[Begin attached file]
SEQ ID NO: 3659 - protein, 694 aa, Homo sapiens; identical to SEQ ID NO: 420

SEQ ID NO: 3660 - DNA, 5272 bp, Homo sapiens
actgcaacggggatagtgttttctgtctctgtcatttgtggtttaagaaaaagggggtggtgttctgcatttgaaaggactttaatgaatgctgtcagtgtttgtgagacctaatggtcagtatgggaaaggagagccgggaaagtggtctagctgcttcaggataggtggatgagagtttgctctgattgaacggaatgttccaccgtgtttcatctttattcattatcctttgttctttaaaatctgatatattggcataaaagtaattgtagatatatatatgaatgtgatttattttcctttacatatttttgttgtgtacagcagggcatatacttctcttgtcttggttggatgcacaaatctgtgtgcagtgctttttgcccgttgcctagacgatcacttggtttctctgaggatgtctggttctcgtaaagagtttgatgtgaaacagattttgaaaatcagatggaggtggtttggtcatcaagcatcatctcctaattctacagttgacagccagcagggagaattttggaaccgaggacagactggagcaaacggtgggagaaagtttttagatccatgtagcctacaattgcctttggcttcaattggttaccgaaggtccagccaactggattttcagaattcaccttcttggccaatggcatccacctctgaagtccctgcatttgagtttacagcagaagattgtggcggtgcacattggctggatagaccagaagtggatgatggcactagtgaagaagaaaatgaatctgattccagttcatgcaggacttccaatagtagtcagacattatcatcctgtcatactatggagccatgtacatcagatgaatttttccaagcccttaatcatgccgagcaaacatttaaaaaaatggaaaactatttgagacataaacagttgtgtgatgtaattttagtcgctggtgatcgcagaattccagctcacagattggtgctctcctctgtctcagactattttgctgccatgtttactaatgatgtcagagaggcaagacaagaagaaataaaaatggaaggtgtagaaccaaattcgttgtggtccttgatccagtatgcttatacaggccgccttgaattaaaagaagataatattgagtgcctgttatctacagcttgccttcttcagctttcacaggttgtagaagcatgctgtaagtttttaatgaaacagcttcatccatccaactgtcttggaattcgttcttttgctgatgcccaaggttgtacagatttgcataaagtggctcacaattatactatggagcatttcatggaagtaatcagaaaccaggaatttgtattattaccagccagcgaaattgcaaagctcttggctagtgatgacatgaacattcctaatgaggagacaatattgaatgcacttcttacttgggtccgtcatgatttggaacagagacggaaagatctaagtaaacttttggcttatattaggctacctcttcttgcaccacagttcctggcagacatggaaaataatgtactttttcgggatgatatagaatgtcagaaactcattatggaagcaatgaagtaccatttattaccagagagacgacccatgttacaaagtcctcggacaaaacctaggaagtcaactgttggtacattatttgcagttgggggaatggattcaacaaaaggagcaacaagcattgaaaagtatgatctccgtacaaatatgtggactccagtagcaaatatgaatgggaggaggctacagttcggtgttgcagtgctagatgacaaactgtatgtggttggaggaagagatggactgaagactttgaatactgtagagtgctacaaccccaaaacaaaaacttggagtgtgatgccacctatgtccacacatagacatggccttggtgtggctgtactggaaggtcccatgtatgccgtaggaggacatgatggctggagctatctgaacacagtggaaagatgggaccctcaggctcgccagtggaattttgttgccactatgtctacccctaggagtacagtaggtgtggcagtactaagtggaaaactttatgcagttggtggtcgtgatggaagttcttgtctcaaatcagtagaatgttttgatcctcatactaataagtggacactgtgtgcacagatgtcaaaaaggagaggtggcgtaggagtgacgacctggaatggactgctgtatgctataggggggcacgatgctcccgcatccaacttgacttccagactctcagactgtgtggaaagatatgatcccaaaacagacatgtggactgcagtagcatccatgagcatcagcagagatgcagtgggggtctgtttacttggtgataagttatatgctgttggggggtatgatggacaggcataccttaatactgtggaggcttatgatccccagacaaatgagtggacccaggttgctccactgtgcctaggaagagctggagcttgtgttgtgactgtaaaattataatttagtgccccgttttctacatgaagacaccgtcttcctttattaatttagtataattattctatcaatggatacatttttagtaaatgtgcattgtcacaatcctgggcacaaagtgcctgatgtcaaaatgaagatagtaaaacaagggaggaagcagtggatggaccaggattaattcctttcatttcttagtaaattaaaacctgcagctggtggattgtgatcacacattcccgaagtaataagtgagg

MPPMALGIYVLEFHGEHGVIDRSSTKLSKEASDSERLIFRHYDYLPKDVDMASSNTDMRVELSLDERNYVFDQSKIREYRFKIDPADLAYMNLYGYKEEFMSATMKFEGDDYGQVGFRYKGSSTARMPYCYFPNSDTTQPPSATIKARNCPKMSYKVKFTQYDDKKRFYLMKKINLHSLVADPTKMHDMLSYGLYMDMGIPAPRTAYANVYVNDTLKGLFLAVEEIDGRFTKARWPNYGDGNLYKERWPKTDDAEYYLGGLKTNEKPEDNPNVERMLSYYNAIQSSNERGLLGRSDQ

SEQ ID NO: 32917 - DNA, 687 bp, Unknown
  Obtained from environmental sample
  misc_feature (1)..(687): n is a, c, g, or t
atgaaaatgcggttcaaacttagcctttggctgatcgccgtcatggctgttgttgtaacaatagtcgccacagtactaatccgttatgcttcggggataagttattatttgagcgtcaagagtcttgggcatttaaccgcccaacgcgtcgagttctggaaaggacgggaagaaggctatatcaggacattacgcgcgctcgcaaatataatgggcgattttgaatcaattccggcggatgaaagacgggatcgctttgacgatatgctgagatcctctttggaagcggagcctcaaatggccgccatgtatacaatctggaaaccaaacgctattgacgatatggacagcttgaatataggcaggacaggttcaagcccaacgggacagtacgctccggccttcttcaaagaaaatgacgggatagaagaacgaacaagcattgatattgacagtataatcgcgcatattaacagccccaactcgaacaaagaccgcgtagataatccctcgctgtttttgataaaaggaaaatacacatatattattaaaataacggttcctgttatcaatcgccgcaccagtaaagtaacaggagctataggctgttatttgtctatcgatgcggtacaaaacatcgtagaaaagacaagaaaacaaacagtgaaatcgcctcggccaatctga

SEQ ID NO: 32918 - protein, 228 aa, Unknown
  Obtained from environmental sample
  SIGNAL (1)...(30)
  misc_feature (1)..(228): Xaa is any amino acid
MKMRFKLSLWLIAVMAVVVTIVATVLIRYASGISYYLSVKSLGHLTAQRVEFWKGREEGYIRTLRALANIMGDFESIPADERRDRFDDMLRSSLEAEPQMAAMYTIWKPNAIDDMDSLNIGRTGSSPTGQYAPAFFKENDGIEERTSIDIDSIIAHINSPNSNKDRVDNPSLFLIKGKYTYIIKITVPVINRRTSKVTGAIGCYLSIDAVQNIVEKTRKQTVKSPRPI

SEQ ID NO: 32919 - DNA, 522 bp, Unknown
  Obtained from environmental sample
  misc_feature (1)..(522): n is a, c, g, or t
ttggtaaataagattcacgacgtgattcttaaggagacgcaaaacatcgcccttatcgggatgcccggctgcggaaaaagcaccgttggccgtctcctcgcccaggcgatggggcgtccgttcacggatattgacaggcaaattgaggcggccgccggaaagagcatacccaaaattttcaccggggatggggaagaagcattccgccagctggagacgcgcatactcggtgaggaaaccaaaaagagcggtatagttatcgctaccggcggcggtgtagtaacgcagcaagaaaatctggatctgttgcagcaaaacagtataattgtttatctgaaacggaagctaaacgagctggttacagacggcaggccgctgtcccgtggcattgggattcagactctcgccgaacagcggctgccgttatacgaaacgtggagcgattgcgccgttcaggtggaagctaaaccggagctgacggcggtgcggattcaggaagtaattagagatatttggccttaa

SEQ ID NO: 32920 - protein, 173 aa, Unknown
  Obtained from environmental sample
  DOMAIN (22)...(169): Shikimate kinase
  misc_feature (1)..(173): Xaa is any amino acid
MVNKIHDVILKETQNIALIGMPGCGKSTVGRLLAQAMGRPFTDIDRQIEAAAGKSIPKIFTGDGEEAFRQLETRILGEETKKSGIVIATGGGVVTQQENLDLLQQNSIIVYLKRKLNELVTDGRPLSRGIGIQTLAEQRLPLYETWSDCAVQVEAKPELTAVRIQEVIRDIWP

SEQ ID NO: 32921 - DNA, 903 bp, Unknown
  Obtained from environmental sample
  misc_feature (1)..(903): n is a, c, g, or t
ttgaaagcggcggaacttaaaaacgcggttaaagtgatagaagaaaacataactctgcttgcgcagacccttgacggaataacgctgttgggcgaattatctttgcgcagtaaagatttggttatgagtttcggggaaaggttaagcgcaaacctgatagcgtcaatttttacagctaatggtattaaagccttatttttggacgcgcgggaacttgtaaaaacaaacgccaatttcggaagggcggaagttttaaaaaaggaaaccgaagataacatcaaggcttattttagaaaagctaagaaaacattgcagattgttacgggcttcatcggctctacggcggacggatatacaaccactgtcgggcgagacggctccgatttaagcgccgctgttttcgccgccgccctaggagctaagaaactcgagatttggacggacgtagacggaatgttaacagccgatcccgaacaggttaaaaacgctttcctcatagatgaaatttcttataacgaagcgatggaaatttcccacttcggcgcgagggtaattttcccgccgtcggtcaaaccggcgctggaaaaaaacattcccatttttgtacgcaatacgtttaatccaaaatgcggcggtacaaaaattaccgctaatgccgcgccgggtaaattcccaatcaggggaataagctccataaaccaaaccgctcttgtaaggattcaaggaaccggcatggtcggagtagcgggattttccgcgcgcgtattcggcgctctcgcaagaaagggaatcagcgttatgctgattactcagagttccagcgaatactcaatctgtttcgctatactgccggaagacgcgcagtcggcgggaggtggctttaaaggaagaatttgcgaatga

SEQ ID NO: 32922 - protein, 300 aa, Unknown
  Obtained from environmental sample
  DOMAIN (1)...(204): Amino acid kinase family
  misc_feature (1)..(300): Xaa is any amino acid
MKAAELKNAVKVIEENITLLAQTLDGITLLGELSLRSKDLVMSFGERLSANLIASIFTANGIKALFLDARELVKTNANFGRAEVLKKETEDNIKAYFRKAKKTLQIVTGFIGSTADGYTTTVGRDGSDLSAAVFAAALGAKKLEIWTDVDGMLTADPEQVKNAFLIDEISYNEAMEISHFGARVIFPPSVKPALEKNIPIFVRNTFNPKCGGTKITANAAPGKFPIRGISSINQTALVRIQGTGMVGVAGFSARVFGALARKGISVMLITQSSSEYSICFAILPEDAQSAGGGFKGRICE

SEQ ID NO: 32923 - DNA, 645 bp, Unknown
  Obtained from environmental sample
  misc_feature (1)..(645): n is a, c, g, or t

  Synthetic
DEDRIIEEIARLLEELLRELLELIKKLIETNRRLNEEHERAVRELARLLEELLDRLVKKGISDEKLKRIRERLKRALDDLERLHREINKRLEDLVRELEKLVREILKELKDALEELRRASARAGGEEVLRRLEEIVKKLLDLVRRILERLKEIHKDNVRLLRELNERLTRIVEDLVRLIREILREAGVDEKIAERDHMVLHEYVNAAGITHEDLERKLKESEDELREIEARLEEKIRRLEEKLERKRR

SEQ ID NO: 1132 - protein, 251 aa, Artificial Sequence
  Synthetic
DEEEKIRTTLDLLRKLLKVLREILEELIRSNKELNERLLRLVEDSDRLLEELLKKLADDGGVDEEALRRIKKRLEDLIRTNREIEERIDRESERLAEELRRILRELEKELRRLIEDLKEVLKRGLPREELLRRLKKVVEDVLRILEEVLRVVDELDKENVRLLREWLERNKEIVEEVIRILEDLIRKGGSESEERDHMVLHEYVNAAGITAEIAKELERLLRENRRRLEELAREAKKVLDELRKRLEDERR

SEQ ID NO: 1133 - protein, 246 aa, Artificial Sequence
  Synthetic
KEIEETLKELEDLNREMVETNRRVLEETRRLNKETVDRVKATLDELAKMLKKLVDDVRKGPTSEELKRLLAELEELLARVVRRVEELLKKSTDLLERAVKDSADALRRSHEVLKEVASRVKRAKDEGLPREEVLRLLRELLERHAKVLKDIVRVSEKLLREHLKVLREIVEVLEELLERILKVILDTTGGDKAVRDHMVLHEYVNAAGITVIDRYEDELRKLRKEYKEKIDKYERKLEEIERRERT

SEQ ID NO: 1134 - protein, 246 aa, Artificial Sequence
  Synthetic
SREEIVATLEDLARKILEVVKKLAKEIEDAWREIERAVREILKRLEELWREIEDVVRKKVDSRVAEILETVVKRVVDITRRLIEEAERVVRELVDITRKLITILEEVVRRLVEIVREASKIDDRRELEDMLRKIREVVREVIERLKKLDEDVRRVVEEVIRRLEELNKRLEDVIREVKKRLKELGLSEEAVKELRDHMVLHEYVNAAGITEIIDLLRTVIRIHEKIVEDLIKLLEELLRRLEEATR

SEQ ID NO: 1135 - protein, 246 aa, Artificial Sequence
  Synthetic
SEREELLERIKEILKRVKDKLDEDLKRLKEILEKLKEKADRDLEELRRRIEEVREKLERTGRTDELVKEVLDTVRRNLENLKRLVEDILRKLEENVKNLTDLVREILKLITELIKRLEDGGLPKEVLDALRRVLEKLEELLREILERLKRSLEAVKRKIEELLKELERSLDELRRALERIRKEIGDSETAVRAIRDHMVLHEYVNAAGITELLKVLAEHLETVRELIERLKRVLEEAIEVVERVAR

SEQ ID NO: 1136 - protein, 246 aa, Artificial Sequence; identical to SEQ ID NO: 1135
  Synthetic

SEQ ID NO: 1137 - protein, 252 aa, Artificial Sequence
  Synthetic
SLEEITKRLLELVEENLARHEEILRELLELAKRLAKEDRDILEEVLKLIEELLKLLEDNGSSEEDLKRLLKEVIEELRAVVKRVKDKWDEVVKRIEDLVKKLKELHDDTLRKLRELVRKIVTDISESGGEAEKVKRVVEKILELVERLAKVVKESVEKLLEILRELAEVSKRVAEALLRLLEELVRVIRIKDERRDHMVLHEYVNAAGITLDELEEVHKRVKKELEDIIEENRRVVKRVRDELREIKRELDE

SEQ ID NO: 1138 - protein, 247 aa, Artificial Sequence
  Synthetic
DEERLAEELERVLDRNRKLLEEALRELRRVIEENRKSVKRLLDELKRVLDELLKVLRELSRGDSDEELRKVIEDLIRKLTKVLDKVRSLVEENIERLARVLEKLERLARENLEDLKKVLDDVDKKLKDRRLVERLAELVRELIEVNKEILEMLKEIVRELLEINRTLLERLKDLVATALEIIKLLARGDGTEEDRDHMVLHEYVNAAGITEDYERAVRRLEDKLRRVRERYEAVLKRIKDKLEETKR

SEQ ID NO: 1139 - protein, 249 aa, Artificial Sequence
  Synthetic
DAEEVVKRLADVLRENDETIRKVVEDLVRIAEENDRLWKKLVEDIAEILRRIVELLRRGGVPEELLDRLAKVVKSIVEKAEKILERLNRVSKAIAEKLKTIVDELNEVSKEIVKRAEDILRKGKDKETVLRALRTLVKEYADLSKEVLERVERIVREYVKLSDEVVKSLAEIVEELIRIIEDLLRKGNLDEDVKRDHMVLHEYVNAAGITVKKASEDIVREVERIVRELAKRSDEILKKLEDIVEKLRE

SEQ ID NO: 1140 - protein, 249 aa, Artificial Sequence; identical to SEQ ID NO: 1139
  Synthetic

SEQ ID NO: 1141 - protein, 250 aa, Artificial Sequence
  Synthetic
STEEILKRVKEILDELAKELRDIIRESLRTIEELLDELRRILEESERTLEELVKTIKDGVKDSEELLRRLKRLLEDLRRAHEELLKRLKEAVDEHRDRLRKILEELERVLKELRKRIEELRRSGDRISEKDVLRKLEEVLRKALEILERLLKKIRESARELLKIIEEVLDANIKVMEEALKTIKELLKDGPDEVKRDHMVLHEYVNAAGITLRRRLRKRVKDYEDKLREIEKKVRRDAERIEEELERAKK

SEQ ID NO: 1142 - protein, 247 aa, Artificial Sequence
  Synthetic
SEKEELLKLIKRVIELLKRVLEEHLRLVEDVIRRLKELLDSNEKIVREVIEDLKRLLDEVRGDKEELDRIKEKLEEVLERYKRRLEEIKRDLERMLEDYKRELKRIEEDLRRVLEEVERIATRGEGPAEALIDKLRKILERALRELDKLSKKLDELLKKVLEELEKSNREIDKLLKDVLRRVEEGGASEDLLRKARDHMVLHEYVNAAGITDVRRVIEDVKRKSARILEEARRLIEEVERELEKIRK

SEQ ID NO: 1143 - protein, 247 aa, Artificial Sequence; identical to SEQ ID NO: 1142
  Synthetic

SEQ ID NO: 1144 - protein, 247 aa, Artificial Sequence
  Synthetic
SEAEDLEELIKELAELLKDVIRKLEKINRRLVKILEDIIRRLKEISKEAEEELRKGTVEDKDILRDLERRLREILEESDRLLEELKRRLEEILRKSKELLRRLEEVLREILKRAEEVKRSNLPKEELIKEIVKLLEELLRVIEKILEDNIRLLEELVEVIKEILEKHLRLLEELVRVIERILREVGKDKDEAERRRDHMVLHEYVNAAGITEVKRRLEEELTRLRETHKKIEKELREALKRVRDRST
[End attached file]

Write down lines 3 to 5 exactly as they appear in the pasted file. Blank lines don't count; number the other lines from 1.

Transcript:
actgcaacggggatagtgttttctgtctctgtcatttgtggtttaagaaaaagggggtggtgttctgcatttgaaaggactttaatgaatgctgtcagtgtttgtgagacctaatggtcagtatgggaaaggagagccgggaaagtggtctagctgcttcaggataggtggatgagagtttgctctgattgaacggaatgttccaccgtgtttcatctttattcattatcctttgttctttaaaatctgatatattggcataaaagtaattgtagatatatatatgaatgtgatttattttcctttacatatttttgttgtgtacagcagggcatatacttctcttgtcttggttggatgcacaaatctgtgtgcagtgctttttgcccgttgcctagacgatcacttggtttctctgaggatgtctggttctcgtaaagagtttgatgtgaaacagattttgaaaatcagatggaggtggtttggtcatcaagcatcatctcctaattctacagttgacagccagcagggagaattttggaaccgaggacagactggagcaaacggtgggagaaagtttttagatccatgtagcctacaattgcctttggcttcaattggttaccgaaggtccagccaactggattttcagaattcaccttcttggccaatggcatccacctctgaagtccctgcatttgagtttacagcagaagattgtggcggtgcacattggctggatagaccagaagtggatgatggcactagtgaagaagaaaatgaatctgattccagttcatgcaggacttccaatagtagtcagacattatcatcctgtcatactatggagccatgtacatcagatgaatttttccaagcccttaatcatgccgagcaaacatttaaaaaaatggaaaactatttgagacataaacagttgtgtgatgtaattttagtcgctggtgatcgcagaattccagctcacagattggtgctctcctctgtctcagactattttgctgccatgtttactaatgatgtcagagaggcaagacaagaagaaataaaaatggaaggtgtagaaccaaattcgttgtggtccttgatccagtatgcttatacaggccgccttgaattaaaagaagataatattgagtgcctgttatctacagcttgccttcttcagctttcacaggttgtagaagcatgctgtaagtttttaatgaaacagcttcatccatccaactgtcttggaattcgttcttttgctgatgcccaaggttgtacagatttgcataaagtggctcacaattatactatggagcatttcatggaagtaatcagaaaccaggaatttgtattattaccagccagcgaaattgcaaagctcttggctagtgatgacatgaacattcctaatgaggagacaatattgaatgcacttcttacttgggtccgtcatgatttggaacagagacggaaagatctaagtaaacttttggcttatattaggctacctcttcttgcaccacagttcctggcagacatggaaaataatgtactttttcgggatgatatagaatgtcagaaactcattatggaagcaatgaagtaccatttattaccagagagacgacccatgttacaaagtcctcggacaaaacctaggaagtcaactgttggtacattatttgcagttgggggaatggattcaacaaaaggagcaacaagcattgaaaagtatgatctccgtacaaatatgtggactccagtagcaaatatgaatgggaggaggctacagttcggtgttgcagtgctagatgacaaactgtatgtggttggaggaagagatggactgaagactttgaatactgtagagtgctacaaccccaaaacaaaaacttggagtgtgatgccacctatgtccacacatagacatggccttggtgtggctgtactggaaggtcccatgtatgccgtaggaggacatgatggctggagctatctgaacacagtggaaagatgggaccctcaggctcgccagtggaattttgttgccactatgtctacccctaggagtacagtaggtgtggcagtactaagtggaaaactttatgcagttggtggtcgtgatggaagttcttgtctcaaatcagtagaatgttttgatcctcatactaataagtggacactgtgtgcacagatgtcaaaaaggagaggtggcgtaggagtgacgacctggaatggactgctgtatgctataggggggcacgatgctcccgcatccaacttgacttccagactctcagactgtgtggaaagatatgatcccaaaacagacatgtggactgcagtagcatccatgagcatcagcagagatgcagtgggggtctgtttacttggtgataagttatatgctgttggggggtatgatggacaggcataccttaatactgtggaggcttatgatccccagacaaatgagtggacccaggttgctccactgtgcctaggaagagctggagcttgtgttgtgactgtaaaattataatttagtgccccgttttctacatgaagacaccgtcttcctttattaatttagtataattattctatcaatggatacatttttagtaaatgtgcattgtcacaatcctgggcacaaagtgcctgatgtcaaaatgaagatagtaaaacaagggaggaagcagtggatggaccaggattaattcctttcatttcttagtaaattaaaacctgcagctggtggattgtgatcacacattcccgaagtaataagtgagg

MPPMALGIYVLEFHGEHGVIDRSSTKLSKEASDSERLIFRHYDYLPKDVDMASSNTDMRVELSLDERNYVFDQSKIREYRFKIDPADLAYMNLYGYKEEFMSATMKFEGDDYGQVGFRYKGSSTARMPYCYFPNSDTTQPPSATIKARNCPKMSYKVKFTQYDDKKRFYLMKKINLHSLVADPTKMHDMLSYGLYMDMGIPAPRTAYANVYVNDTLKGLFLAVEEIDGRFTKARWPNYGDGNLYKERWPKTDDAEYYLGGLKTNEKPEDNPNVERMLSYYNAIQSSNERGLLGRSDQ

SEQ ID NO: 32917 - DNA, 687 bp, Unknown